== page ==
Thankfully, this last aspect of the authority of the JSC has not been frequently exercised, but sadly it has botched almost every serious allegation levelled against judges over the past 20 years, none more so than those brought against the Judge President of the Western Cape High Court, John Hlophe.
The chief incidents which have triggered deep controversy about Hlophe’s probity and integrity relate to his approaches to two Constitutional Court justices in May 2008 in regard to their judgments in a trial involving Jacob Zuma, and the more recent extremely vituperative complaints and counter-complaints reported in sordid detail relating to the complete breakdown between him and his Deputy Judge President, Patricia Goliath.
More of the last later, for now it is important to note that, notwithstanding several bouts of litigation initiated by both the Cape judge president and other interested parties, the allegations of gross misconduct in regard to the 2008 Zuma-Thint appeal have been found to be proven, in the well-reasoned decision of a Judicial Conduct Tribunal (JCT) consequent on a full public hearing of the matter.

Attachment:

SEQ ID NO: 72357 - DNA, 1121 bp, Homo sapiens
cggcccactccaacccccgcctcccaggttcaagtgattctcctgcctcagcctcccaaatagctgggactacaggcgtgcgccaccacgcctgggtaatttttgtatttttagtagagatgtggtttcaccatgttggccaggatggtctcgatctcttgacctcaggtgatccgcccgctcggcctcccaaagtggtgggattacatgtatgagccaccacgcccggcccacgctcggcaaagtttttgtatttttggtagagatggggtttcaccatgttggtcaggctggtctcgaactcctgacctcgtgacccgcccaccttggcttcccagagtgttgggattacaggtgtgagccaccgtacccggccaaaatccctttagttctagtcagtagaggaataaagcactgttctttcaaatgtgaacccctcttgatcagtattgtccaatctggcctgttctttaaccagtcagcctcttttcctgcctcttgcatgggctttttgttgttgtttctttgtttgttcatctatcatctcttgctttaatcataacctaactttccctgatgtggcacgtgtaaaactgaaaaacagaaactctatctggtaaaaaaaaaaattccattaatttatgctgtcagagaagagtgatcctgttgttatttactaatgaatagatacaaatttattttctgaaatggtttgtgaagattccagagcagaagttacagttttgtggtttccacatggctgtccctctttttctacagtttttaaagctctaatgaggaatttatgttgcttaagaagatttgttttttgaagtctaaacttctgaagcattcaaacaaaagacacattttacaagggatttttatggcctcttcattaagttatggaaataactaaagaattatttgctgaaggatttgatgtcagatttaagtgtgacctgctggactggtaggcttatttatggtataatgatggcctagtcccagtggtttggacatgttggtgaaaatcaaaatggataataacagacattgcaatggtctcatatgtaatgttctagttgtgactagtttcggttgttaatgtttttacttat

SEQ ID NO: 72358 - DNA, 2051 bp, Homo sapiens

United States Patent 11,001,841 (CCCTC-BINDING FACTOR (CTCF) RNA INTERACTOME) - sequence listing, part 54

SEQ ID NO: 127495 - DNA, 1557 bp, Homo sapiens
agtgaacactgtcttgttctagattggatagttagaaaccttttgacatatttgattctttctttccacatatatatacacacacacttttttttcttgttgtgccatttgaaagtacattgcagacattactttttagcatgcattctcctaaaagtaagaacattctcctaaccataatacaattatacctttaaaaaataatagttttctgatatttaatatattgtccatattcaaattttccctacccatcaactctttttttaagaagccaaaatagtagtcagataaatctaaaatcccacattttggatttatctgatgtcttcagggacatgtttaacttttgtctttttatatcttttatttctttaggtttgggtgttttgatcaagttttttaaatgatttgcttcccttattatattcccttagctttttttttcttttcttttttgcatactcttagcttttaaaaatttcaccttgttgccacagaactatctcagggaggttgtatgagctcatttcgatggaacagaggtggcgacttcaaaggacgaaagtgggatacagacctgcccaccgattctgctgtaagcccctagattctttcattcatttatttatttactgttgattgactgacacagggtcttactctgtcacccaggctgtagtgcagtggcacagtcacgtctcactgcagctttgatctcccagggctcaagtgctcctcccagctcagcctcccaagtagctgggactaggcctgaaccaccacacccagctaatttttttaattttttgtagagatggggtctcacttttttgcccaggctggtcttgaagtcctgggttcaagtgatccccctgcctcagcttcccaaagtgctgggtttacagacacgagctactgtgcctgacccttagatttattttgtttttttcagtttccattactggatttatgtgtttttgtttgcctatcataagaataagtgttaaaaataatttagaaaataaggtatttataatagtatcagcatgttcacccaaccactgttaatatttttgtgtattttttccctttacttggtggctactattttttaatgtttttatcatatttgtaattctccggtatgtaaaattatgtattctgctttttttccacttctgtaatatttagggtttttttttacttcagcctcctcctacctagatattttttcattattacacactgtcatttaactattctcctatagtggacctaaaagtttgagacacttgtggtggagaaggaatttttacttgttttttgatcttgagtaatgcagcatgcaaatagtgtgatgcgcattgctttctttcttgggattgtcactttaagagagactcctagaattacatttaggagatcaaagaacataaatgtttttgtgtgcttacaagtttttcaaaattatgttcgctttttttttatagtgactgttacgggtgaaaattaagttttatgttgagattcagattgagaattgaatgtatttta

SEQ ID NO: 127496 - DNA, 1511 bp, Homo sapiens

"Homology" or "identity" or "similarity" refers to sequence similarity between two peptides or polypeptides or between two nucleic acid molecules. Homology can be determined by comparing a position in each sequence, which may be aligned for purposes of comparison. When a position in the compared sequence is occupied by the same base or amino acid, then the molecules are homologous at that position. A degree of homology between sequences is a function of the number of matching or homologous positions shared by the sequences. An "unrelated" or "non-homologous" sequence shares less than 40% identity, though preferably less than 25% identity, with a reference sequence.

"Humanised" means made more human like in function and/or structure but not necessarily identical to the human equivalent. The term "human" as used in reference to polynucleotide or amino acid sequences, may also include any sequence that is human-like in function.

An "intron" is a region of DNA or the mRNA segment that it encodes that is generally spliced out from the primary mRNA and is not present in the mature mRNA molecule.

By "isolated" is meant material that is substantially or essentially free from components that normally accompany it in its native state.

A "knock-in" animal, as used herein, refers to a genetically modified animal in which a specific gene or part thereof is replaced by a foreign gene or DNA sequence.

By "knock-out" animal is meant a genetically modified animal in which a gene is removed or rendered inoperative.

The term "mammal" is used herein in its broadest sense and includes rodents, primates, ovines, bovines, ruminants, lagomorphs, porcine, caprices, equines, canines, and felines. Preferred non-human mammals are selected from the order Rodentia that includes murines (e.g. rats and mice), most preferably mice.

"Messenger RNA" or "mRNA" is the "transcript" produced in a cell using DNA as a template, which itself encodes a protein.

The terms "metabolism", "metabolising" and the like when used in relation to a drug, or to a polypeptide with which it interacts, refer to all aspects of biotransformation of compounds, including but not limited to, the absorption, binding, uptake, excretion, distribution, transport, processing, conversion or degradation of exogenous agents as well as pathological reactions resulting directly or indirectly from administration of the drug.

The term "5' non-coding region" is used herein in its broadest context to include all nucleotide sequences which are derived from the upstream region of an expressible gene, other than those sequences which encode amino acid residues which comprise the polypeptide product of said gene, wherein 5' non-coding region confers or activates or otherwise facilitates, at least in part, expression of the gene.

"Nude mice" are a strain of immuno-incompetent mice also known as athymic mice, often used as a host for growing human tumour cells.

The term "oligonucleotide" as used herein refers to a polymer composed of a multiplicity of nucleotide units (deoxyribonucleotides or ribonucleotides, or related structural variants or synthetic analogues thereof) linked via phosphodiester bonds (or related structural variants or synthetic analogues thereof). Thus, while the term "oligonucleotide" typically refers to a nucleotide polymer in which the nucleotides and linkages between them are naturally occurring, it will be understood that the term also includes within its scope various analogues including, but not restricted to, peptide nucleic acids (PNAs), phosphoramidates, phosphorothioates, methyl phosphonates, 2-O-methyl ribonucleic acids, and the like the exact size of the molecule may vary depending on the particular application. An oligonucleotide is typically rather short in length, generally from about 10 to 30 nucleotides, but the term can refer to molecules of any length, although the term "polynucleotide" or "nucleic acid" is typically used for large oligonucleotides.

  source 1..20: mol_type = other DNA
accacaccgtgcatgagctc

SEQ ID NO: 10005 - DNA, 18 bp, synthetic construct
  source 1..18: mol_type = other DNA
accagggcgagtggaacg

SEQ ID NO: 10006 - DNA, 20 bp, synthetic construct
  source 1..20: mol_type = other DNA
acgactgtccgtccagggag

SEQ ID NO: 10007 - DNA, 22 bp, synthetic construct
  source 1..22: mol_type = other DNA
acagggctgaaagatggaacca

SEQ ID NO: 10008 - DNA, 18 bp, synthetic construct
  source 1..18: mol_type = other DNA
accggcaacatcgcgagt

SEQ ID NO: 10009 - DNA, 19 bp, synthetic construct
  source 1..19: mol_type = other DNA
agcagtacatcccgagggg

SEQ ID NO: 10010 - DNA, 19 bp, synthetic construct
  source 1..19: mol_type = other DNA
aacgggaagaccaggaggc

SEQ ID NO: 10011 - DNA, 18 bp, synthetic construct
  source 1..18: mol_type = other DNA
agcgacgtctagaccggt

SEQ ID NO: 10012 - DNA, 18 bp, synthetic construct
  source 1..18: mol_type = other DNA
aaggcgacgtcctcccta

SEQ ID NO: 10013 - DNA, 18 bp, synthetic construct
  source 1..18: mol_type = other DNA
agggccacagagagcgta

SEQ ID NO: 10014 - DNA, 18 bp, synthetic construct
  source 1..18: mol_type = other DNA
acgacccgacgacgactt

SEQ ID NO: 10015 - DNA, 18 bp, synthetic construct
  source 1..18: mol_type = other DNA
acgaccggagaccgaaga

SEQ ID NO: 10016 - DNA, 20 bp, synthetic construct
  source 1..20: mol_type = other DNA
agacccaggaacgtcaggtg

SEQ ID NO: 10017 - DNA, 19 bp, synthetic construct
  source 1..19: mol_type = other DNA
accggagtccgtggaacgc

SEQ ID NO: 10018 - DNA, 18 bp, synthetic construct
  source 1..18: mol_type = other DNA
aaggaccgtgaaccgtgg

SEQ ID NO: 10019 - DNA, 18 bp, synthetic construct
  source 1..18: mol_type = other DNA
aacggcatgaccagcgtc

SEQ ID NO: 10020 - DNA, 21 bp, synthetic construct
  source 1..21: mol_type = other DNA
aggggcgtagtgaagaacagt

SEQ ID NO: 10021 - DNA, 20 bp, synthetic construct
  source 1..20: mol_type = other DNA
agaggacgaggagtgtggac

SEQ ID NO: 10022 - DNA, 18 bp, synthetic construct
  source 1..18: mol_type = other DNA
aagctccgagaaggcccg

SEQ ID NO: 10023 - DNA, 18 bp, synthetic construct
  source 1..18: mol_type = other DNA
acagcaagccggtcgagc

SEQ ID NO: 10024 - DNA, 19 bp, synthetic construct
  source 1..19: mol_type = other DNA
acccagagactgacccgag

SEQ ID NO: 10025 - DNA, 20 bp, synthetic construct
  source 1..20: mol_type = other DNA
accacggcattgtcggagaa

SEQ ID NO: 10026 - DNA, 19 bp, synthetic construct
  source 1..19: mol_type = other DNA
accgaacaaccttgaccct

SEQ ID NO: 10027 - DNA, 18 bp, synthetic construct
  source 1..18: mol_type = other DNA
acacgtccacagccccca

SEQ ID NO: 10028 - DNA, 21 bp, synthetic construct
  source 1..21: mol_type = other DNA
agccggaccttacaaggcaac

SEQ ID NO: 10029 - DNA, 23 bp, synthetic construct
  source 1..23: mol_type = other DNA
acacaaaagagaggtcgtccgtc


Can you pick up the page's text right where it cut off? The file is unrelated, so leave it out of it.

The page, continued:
A clear majority of the JSC thereafter decided to submit this outcome to the National Assembly to vote on Hlophe’s impeachment in terms of the process laid down in the Constitution, section 177. While there is a compelling case for the judge president’s suspension pending the finalisation of this matter by Parliament and the president, he remains in active discharge of his duties.
As was anticipated, Hlophe took the decision of the JSC to refer him for impeachment on review, alleging all sorts of improper and unprocedural actions by the JCT and the JSC, and throwing in a few more arguments about the eventual role of the National Assembly should it consider his impeachment.